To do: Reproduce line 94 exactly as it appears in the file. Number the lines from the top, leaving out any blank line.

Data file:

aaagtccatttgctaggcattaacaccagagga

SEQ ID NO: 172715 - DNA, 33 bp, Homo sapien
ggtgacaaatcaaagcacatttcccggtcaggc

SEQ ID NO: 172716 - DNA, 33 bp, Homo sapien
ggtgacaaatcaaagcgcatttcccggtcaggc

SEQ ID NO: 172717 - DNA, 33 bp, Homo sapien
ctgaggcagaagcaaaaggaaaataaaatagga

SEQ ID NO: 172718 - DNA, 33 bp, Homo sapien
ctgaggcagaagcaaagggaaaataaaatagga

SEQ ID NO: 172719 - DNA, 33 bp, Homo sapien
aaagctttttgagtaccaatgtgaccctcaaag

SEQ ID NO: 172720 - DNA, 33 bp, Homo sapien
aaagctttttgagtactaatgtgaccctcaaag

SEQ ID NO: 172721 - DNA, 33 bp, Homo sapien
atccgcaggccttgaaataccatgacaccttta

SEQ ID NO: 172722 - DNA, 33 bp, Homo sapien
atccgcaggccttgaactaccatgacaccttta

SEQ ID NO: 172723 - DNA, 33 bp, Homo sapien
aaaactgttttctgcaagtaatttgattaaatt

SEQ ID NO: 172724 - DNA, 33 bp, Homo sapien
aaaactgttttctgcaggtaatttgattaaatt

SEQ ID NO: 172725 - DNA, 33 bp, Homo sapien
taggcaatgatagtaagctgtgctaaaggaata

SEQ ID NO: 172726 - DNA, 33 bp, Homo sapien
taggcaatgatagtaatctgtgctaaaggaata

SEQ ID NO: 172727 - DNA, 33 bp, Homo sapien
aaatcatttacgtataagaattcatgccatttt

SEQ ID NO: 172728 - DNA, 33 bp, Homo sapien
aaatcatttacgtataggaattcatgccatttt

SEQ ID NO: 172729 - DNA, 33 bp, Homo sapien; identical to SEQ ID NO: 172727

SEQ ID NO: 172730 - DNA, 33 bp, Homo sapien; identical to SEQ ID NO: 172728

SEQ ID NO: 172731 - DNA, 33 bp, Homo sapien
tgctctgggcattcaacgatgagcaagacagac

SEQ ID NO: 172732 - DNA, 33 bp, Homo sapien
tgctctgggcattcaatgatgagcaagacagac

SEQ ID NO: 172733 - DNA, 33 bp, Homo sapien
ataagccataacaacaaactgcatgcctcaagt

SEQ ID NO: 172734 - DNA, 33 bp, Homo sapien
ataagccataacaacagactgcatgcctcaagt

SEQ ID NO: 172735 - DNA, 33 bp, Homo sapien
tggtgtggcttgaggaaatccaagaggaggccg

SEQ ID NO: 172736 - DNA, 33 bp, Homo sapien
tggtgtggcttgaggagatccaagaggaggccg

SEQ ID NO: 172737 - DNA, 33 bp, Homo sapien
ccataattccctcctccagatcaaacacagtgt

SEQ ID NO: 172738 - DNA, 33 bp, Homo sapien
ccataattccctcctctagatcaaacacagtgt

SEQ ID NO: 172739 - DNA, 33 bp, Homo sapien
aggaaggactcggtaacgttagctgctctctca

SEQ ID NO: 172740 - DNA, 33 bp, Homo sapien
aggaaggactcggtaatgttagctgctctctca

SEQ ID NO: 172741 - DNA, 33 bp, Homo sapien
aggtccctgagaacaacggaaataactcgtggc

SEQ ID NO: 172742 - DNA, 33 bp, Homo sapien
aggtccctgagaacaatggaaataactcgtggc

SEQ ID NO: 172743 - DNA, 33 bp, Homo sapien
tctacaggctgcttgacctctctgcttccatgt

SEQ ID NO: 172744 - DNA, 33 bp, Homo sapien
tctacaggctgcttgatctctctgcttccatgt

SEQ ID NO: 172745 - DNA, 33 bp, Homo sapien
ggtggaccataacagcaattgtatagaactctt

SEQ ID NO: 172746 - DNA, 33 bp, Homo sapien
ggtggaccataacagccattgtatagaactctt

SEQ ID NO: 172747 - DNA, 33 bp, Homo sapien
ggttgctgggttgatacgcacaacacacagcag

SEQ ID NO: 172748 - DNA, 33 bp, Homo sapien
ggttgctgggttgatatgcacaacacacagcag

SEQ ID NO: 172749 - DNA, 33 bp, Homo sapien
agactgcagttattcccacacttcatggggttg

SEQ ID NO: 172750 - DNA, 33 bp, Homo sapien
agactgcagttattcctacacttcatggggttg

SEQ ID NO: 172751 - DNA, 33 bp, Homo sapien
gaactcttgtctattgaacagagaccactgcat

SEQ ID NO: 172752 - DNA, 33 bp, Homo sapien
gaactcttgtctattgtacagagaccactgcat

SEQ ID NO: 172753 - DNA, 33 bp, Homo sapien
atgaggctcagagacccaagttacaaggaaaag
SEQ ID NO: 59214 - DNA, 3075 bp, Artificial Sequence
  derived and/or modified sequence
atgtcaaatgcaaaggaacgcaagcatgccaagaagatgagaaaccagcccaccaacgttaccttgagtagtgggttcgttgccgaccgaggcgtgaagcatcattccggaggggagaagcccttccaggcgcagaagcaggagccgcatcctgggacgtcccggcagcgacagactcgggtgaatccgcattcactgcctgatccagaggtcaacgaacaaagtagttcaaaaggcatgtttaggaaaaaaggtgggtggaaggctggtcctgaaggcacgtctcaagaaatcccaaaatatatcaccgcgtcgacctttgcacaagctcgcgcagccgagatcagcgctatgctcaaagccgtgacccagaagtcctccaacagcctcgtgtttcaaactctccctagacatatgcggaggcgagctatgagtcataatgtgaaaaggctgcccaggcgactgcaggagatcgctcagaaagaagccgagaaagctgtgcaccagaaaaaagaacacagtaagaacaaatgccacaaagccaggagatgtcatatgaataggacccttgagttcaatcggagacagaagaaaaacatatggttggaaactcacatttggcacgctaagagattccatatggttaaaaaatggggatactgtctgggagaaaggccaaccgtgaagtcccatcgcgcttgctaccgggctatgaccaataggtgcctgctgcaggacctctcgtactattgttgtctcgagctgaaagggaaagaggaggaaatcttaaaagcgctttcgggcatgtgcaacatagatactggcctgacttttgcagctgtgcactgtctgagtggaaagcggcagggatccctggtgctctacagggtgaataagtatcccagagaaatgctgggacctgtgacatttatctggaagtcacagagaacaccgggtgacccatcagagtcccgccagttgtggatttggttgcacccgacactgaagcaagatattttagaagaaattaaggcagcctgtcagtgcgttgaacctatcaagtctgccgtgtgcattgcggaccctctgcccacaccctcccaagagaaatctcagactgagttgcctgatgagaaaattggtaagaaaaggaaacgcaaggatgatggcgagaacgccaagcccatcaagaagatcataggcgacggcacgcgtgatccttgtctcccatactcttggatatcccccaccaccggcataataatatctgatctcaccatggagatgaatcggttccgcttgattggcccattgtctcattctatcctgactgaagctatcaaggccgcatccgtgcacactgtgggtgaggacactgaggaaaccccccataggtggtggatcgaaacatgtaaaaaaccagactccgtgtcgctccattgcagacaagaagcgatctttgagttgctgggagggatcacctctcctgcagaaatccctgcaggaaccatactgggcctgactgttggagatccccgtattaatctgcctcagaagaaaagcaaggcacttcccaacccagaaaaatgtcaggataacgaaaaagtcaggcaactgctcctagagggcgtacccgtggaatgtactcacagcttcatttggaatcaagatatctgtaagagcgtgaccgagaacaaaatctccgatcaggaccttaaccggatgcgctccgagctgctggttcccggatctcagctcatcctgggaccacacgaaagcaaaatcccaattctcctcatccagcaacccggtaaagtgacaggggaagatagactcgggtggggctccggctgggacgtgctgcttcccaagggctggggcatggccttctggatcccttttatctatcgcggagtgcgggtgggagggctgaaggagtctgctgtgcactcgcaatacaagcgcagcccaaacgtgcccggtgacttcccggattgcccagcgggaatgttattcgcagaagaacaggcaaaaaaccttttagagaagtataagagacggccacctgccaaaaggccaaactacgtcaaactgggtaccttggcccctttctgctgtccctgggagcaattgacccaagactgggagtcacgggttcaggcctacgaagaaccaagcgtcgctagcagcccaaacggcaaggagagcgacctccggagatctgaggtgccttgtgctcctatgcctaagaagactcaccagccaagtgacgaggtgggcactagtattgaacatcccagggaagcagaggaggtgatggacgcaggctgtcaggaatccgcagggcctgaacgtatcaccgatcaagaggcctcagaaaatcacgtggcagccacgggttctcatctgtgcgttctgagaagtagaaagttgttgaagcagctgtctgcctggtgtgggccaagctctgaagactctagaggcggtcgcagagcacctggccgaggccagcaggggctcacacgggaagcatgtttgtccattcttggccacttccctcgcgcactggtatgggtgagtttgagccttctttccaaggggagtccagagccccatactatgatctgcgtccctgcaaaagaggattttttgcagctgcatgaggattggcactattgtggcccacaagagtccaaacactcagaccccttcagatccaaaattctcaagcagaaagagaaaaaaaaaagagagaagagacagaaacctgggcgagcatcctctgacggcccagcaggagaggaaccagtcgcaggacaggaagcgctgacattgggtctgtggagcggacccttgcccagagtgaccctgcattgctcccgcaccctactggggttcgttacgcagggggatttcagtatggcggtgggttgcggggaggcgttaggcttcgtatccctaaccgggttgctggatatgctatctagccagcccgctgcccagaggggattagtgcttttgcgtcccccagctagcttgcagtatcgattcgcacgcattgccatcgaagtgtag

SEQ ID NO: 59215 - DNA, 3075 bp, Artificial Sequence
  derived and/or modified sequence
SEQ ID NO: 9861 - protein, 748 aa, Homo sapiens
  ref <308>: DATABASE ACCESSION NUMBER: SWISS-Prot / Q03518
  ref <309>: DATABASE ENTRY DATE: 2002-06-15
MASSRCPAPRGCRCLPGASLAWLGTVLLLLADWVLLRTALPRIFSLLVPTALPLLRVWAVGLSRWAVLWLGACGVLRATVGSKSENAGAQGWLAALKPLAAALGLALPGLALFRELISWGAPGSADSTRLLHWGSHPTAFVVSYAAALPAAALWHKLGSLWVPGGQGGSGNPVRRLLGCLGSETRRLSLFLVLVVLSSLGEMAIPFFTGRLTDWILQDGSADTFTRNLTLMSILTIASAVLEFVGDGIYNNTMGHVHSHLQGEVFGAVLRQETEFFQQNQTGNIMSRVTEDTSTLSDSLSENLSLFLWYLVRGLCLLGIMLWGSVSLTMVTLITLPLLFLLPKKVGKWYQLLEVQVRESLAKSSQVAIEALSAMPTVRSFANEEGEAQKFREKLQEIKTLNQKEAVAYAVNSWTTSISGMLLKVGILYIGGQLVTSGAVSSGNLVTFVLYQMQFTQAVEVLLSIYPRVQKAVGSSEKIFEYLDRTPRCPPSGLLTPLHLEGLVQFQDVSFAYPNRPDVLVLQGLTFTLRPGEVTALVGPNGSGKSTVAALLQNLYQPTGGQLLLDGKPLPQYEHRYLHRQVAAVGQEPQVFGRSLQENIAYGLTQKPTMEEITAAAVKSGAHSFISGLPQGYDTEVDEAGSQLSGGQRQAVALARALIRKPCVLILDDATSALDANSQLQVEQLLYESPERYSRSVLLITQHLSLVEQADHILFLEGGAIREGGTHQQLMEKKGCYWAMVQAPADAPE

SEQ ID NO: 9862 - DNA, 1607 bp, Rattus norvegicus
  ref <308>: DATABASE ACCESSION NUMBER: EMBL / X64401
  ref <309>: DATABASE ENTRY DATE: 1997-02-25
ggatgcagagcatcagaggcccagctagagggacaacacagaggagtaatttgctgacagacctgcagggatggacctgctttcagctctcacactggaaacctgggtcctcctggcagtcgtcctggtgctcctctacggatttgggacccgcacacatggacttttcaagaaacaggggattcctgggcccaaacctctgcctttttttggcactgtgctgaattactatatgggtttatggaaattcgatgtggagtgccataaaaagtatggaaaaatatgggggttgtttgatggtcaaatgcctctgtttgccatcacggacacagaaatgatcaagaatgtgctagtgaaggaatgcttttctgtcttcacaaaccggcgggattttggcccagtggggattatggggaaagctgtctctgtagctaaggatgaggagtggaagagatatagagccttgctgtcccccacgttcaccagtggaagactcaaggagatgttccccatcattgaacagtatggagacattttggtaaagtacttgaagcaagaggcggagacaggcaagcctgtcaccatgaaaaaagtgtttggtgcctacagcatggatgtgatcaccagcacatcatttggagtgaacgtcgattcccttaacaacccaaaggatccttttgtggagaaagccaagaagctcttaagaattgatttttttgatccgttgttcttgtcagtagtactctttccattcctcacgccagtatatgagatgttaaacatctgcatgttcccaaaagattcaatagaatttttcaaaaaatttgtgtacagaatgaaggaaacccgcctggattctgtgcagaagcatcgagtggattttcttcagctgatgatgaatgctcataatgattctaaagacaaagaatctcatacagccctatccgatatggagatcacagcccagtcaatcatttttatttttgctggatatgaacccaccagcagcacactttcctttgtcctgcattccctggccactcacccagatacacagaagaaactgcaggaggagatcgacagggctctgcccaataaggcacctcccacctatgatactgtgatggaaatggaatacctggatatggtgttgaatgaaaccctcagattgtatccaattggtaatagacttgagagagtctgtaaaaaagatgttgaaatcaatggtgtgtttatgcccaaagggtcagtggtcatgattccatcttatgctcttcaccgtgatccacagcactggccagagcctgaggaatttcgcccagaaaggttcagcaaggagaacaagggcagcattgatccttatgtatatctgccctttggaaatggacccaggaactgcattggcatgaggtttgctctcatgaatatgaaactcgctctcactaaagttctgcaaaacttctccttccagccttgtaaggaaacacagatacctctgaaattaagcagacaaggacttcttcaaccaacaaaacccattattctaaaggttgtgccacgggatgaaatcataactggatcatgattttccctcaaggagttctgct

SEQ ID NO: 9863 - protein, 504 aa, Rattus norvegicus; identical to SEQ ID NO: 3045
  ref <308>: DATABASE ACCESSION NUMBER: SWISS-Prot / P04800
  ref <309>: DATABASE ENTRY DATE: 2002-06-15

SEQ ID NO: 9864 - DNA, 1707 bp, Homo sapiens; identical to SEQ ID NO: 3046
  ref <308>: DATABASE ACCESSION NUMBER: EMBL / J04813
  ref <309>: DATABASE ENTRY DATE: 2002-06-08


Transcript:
SEQ ID NO: 9864 - DNA, 1707 bp, Homo sapiens; identical to SEQ ID NO: 3046